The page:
Algebra Geometry And Trigonometry

1217 Words 5 Pages
Abstract: - Mathematics is a fascinating subject filled with concepts and ideas that have been formed and developed throughout time. This paper focuses on the contributions made by Islamic mathematician Muhammad Al-Khwarizmi to the difference subjects of algebra, geometry and trigonometry. Ideas discovered by Al-Khwarizmi are discussed as well as other concepts that serve as proof of his understanding of various complex ideas we use nowadays. These concepts include simplifying equations, completing the square and trigonometric tables.

Key-Words: - Islam, Mathematics, Algebra, Geometry, Trigonometry

1 Introduction
Throughout time, cultures and societies have created and discovered amazing concepts that have been passed down and are now considered
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He went ahead and began by drawing a square having a side length ofx. In order to add 10x to the picture, he went ahead and drew four rectangles to each side measuring 5/2×x as we can see instep 2 of Fig. 2. In the last step, Al-Khwarizmi added small squares in the corners measuring 5/2× 5/2, therefore each having an area of 25/4 and completing the whole outside square. Taking a look at the final image, he was able to see that the area of the whole outside square could now be expressed as4×25/4+39=25+39=64. Knowing this, it can be concluded that the new side length of the square is 8 and the equation could be rewritten as 5/2+x+ 5/2=x+5=8. The final step for Al-Khwarizmi would be to solve the simple equation and conclude that …show more content…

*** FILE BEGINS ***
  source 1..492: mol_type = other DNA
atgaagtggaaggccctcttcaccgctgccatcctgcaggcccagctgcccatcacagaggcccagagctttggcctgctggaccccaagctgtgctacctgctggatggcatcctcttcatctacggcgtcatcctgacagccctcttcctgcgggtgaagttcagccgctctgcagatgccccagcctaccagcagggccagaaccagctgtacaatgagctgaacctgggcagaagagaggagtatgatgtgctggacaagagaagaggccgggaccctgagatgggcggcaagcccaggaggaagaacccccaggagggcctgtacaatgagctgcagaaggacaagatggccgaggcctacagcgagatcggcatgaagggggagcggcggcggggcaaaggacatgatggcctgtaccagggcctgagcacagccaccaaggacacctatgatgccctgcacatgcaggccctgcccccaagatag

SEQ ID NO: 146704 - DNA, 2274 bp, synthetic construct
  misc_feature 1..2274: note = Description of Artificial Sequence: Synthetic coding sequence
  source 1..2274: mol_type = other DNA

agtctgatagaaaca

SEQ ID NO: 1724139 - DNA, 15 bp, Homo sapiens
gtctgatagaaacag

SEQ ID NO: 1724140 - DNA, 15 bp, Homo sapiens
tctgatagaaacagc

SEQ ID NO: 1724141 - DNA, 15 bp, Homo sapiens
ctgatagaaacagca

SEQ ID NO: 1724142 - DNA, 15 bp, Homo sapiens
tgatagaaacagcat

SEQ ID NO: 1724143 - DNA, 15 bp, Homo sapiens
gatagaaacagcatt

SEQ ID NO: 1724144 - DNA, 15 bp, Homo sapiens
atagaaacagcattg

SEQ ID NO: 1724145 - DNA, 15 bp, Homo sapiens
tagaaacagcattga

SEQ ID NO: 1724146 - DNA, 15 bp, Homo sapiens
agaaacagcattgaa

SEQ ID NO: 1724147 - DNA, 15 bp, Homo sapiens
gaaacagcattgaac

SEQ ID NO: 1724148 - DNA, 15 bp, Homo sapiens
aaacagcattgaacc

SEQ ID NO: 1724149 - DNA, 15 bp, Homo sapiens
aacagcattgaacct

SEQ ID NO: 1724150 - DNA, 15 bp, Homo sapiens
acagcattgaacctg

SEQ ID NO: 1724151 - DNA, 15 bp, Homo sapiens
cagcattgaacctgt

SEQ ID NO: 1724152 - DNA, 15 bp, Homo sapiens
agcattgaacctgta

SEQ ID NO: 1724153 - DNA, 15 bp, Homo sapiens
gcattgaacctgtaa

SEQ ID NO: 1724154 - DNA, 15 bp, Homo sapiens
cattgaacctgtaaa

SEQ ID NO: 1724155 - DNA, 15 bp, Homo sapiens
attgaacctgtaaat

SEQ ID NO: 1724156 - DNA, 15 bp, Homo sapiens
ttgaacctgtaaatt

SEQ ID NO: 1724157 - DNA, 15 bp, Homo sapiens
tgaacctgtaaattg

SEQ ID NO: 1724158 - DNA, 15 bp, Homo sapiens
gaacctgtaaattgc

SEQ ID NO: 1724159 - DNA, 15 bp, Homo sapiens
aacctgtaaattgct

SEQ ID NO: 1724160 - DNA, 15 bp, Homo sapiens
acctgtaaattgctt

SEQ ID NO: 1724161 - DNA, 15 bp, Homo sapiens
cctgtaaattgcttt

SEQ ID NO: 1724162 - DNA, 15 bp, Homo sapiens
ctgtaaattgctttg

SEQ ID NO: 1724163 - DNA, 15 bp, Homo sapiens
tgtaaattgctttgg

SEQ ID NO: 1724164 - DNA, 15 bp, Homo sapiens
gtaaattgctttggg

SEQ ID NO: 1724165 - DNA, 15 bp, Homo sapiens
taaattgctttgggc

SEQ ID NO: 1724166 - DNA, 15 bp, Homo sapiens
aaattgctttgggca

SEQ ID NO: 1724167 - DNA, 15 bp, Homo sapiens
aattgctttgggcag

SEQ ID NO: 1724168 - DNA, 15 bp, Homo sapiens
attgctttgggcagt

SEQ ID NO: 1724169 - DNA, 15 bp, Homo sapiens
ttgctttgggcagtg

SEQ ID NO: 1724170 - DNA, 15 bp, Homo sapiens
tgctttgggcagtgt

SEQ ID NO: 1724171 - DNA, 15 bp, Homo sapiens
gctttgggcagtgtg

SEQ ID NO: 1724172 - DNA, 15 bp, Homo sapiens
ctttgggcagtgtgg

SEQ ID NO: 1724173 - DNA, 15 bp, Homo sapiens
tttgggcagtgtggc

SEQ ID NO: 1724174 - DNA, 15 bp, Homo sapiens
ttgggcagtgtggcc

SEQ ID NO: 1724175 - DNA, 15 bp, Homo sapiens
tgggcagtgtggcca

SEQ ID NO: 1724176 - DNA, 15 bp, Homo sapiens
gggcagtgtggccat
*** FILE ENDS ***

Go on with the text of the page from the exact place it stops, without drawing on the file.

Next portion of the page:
Besides his discoveries and accomplishments in the areas of algebra and geometry, he also contributed to the area of trigonometry.
In reference [5], author Luke Mastin stated that, “The 13th Century Persian astronomer, scientist and mathematician Nasir Al-Din Al-Tusi was perhaps the first to treat trigonometry as a separate mathematical discipline.” Even though trigonometry was not viewed or treated as a separate subject until Al-Tusi did so, contributions to the area of trigonometry were made early on and before this time.
Al-Khwarizmi is also credited for making contributions to this area of mathematics. In reference [3], Khalid El Jafoufi mentions that, “In this book there are listings of trigonometric tables for the ‘Sind’ and the ‘Hind’, better known as ‘Sinus’ and ‘Cosinus’ which now form the basis of almost all trigonometric formulas”. Here, Jafoufi was referring to Al-Khwarizmi’s book ‘Zij al-Sindhind’ and how work shown there displayed Al-Khwarizmi’s knowledge in trigonometry and how he used it to complete trigonometric astronomical tables. This allowed him to interpret the movement of celestial bodies. Al-Khwarizmi was able to provide very accurate tables for the trigonometric functions of sine and cosine in his time. This meant that Al-Khwarizmi was able to calculate the sine and cosine values for special angles such as 0°, 30°, 45°, 60° and 90°. Later on, he was also able to create tangent tables,

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